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Study Shifts Assessment of Certain Breast Cancer Patients

Conquest - Spring 2010

Early-stage breast cancer patients with HER2-positive tumors one centimeter or smaller are at significant risk of recurrence of their disease, compared to those with early-stage disease who do not express this aggressive protein.

Ana Gonzalez-Angulo, M.D.

In the first large study to analyze this population, results represent a shift in the way women with early-stage HER2-positive breast cancer should be assessed for risk of recurrence and considered for treatment, says the study’s senior author, Ana Gonzalez-Angulo, M.D, associate professor in
MD Anderson’s departments of Breast Medical Oncology and Systems Biology.

“Our findings show that women with early-stage HER2- positive breast cancer have a 23% chance of recurrence if the patient did not receive trastuzumab-based therapy. In contrast, the five-year survival rate of all women with such early-stage breast cancer is more than 90%,” Gonzalez-Angulo says.

“The findings indicate that physicians need to consider offering these women Herceptin-based therapy in the post-operative, or adjuvant, setting.”

Current guidelines call for no additional therapy after surgery and radiation if tumors are less than 5 millimeters. Herceptin-based adjuvant therapy should be discussed with patients if the tumors are from 6 millimeters to 10 millimeters, Gonzalez-Angulo explains.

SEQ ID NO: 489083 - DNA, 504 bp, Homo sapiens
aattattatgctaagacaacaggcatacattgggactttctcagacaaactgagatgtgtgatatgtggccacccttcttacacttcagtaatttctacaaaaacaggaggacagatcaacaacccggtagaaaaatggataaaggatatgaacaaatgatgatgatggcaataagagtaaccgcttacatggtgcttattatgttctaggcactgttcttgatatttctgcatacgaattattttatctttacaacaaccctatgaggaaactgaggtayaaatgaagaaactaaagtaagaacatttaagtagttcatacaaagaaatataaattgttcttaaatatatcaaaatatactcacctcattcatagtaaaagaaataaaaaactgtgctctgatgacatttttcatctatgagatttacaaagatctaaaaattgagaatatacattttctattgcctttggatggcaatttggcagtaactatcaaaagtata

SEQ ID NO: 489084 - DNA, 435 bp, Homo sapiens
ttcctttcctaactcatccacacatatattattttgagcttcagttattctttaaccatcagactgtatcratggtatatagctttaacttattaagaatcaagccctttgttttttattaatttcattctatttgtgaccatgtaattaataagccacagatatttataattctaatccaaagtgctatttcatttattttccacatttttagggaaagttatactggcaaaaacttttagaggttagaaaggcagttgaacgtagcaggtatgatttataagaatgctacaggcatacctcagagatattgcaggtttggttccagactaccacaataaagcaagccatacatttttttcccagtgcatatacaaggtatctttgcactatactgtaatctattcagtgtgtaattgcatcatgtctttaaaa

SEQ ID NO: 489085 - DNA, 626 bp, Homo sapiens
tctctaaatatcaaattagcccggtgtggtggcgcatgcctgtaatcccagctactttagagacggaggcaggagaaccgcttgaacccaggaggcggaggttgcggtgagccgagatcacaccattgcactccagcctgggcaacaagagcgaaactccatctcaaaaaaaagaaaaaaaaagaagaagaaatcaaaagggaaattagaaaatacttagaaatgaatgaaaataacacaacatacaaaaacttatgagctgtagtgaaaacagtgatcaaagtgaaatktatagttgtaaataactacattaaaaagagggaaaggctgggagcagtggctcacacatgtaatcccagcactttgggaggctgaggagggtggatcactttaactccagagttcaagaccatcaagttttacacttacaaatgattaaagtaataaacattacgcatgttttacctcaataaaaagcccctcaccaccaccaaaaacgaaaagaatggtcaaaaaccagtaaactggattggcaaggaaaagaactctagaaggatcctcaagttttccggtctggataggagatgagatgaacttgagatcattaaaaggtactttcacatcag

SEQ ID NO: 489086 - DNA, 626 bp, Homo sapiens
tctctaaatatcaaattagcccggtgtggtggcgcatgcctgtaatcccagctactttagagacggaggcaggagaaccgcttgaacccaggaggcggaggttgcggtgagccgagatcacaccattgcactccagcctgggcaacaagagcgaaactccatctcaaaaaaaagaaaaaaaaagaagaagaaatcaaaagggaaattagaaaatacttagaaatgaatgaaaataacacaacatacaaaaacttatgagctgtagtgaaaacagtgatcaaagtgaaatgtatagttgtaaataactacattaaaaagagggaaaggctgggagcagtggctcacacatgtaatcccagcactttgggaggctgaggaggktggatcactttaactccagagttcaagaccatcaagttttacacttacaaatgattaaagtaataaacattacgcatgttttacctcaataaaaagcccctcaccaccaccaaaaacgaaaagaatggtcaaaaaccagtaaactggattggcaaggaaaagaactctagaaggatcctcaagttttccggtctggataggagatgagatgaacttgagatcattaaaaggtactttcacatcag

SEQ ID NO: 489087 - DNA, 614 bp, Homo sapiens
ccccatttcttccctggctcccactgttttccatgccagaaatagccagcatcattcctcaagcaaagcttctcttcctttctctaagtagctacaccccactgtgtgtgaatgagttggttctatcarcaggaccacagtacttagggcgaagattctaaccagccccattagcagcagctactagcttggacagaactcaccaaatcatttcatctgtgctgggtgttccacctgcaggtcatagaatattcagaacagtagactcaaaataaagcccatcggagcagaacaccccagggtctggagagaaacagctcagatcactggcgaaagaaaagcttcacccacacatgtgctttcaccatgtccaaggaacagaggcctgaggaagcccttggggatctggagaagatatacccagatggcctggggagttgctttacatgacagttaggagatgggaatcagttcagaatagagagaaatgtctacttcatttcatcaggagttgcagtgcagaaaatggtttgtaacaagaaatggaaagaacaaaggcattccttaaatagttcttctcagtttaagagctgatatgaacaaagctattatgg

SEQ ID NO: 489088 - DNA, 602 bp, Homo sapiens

Herceptin, also known as trastuzumab, is a monoclonal antibody that latches on to these proteins and inhibits tumor growth.

“The risk of recurrence was much higher than we suspected,” says Jennifer Litton, M.D., assistant professor in MD Anderson’s Department of Breast Medical Oncology, and an author on the study. “With this study, we now have evidence to discuss with our HER2-positive patients with even the smallest of tumors.

"Herceptin alone or combined with chemotherapy should be strongly considered as adjuvant therapy. This data should also encourage this subset of patients to be included in ongoing clinical trials with HER2-targeted therapies.”

The research was first presented at the CRTC-AACR San Antonio Breast Cancer Symposium in December 2008 and published online in November 2009 in the Journal of Clinical Oncology.

© 2015 The University of Texas MD Anderson Cancer Center